Over the last few weeks, evidence has emerged that China may be expanding its arsenal of nuclear-armed intercontinental ballistic missiles (ICBMs) on a much larger scale than previously believed. Commercial satellite imagery analysed in June and July showed two huge missile silo fields, each capable of housing up to 120 ICBMs, under construction in the deep interior, in Gansu and Eastern Xinjiang Provinces. And the Pentagon this month reportedly discovered a third field of similar size under construction in Inner Mongolia.
The arms control community has been gripped by the discovery that China appears to be building hundreds of new missile silos. The development raises the prospect that China may be breaking out of its traditional ‘minimum deterrent’ capability. And it raises the question of whether China is edging away from a ‘no first use’ nuclear posture.
As the Australian parliament continues its inquiry into extremist movements and radicalism, it’s vital that attention be paid to the ways online funding mechanisms can be exploited by individuals and groups promoting right-wing extremist (RWE) ideologies in Australia. In a new report from ASPI’s International Cyber Policy Centre, Buying and selling extremism, I provide a preliminary map of the local RWE online funding ecosystem. The report examines nine Australian Telegram channels that share RWE content and finds they are linked to more than 20 different potential funding mechanisms. These include microdonation websites, merchandise sales and cryptocurrencies, as well as new live-streaming platforms such as DLive.
All three of Australia’s Hobart-class guided missile destroyers have passed the final phase of testing and evaluation now that HMAS Sydney has returned from a successful 18-week trial deployment to the US and Canada. The trio are the Royal Australian Navy’s most powerful vessels ever and are expected to receive regular technology and capability updates. They are equipped with the same systems used by the US Navy, with the goal of enhancing the interoperability and interchangeability of US and Australian ships in the Indo-Pacific. The chief of US naval operations, Admiral Michael Gilday, has admitted that the design for the new USS Gerald R. Ford aircraft carrier was overly experimental, which caused scheduling delays and cost overruns. He said that introducing just a few new technologies into the complex platform would have ensured smoother integration. Instead, the carrier has 23 new systems, increasing the risk of multiple system failures and slowing the rate of progress. Despite these issues, completion is projected for next year.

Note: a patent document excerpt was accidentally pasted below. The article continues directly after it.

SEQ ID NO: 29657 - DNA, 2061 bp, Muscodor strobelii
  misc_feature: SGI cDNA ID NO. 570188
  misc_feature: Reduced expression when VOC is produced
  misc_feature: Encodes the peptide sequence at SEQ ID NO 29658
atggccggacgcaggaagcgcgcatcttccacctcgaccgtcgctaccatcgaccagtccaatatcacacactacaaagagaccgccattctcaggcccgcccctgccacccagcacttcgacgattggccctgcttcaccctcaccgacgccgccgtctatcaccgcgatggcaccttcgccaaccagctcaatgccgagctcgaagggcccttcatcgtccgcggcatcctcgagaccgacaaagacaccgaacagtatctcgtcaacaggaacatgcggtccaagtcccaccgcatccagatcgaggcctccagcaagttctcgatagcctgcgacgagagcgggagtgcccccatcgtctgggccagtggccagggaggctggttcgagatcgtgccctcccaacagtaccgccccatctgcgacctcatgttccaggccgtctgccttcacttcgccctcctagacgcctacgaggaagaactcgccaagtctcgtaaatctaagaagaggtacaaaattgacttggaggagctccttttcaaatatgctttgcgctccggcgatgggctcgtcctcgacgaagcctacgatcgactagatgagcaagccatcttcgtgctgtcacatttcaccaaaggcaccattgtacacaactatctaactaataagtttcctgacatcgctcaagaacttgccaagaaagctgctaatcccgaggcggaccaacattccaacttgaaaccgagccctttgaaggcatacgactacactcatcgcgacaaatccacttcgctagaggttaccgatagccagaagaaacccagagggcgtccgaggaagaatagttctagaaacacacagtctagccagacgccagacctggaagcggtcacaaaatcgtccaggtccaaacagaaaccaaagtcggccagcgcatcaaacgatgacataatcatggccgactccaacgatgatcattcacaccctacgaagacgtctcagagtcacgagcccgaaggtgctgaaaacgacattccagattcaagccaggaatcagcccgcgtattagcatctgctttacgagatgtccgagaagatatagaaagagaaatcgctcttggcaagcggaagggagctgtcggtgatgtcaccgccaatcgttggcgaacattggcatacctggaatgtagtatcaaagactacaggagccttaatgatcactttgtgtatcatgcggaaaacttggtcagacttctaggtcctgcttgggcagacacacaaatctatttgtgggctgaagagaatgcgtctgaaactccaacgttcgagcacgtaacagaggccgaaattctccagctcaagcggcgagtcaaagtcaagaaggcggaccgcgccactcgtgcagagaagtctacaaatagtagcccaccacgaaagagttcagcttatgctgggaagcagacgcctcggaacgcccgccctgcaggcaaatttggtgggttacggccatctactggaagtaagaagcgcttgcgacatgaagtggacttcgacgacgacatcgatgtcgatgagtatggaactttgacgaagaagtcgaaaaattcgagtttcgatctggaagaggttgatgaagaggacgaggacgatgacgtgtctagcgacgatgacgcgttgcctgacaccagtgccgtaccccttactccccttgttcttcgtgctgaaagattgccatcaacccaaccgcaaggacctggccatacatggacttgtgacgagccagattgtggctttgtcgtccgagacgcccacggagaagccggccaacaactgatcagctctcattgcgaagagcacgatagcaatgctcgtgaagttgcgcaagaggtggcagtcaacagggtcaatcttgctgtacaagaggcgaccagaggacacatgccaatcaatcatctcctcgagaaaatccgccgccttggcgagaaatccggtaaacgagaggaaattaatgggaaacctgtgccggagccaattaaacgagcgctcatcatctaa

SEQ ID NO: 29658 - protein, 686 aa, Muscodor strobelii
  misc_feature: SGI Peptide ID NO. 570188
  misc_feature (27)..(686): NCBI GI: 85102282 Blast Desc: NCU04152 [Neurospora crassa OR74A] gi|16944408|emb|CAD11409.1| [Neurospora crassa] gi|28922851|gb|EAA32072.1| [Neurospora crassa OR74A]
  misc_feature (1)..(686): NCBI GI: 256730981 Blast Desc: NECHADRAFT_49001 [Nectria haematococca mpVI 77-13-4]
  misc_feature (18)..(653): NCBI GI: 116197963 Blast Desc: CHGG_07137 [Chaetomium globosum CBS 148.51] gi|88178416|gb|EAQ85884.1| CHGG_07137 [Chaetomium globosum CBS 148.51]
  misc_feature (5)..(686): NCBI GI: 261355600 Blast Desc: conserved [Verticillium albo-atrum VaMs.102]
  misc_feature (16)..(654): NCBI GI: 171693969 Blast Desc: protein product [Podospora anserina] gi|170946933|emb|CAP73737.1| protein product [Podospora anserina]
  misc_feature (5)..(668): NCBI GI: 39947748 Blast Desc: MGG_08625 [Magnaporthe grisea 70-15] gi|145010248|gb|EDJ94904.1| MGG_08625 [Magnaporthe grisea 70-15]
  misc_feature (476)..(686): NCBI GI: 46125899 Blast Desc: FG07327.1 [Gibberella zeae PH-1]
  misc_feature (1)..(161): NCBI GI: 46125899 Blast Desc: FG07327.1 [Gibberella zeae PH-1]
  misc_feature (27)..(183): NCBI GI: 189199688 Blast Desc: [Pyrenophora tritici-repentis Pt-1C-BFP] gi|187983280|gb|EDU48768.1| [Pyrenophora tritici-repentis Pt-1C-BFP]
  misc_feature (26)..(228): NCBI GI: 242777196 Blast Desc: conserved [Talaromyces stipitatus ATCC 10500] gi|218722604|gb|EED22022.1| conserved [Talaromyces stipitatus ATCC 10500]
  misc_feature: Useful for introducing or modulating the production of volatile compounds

Global fines for anti-money laundering (AML) and data privacy compliance breaches have fallen by nearly 50% year-on-year in the first half of 2021, but could bounce back quickly as financial crime continues apace, according to Fenergo. The digital transformation company claimed that 85 individual fines were levied on global financial institutions for breaches of AML, Know Your Customer (KYC) and data privacy laws in the first six months of 2021 — a drop of 26% on the figure for 1H 2020.
A CEO from Ohio has pleaded guilty to being the operator of a darknet-based Bitcoin ‘mixer’ service that laundered more than $300m. Akron resident and CEO of Bitcoin media site Coin Ninja Larry Dean Harmon was at the helm of underground cryptocurrency laundering service Helix for three years, from 2014 to 2017. During that time, the 38-year-old creator of crypto-wallet provider DropBit conspired with darknet vendors to launder over 350,000 Bitcoin generated through drug trafficking and other illegal activities.
American banking and financial services company JPMorgan Chase is warning customers in Montana that a technical glitch may have presented their personal data to other customers. The malfunction allowed users of the website chase.com or the Chase Mobile app to view the banking information of other customers whose personal details were similar for nearly two months earlier this year.
Hackers have stolen data from a Salford-based social housing group that houses thousands of tenants and other clients. ForHousing and Liberty, which manage and maintain homes across the North West, were reportedly victims of a ransomware attack. The organizations confirmed that no data of tenants or staff were accessed, but a ‘small amount’ of data was compromised, which resulted in the systems being taken offline as a precautionary measure.
A Japanese cryptocurrency exchange is estimated to have lost $97m after threat actors targeted the company. Tokyo-headquartered Liquid revealed the incident on Thursday evening local time. “We are sorry to announce that #LiquidGlobal warm wallets were compromised, we are moving assets into the cold wallet,” it said in a brief update. “We are currently investigating and will provide regular updates. In the meantime, deposits and withdrawals will be suspended.”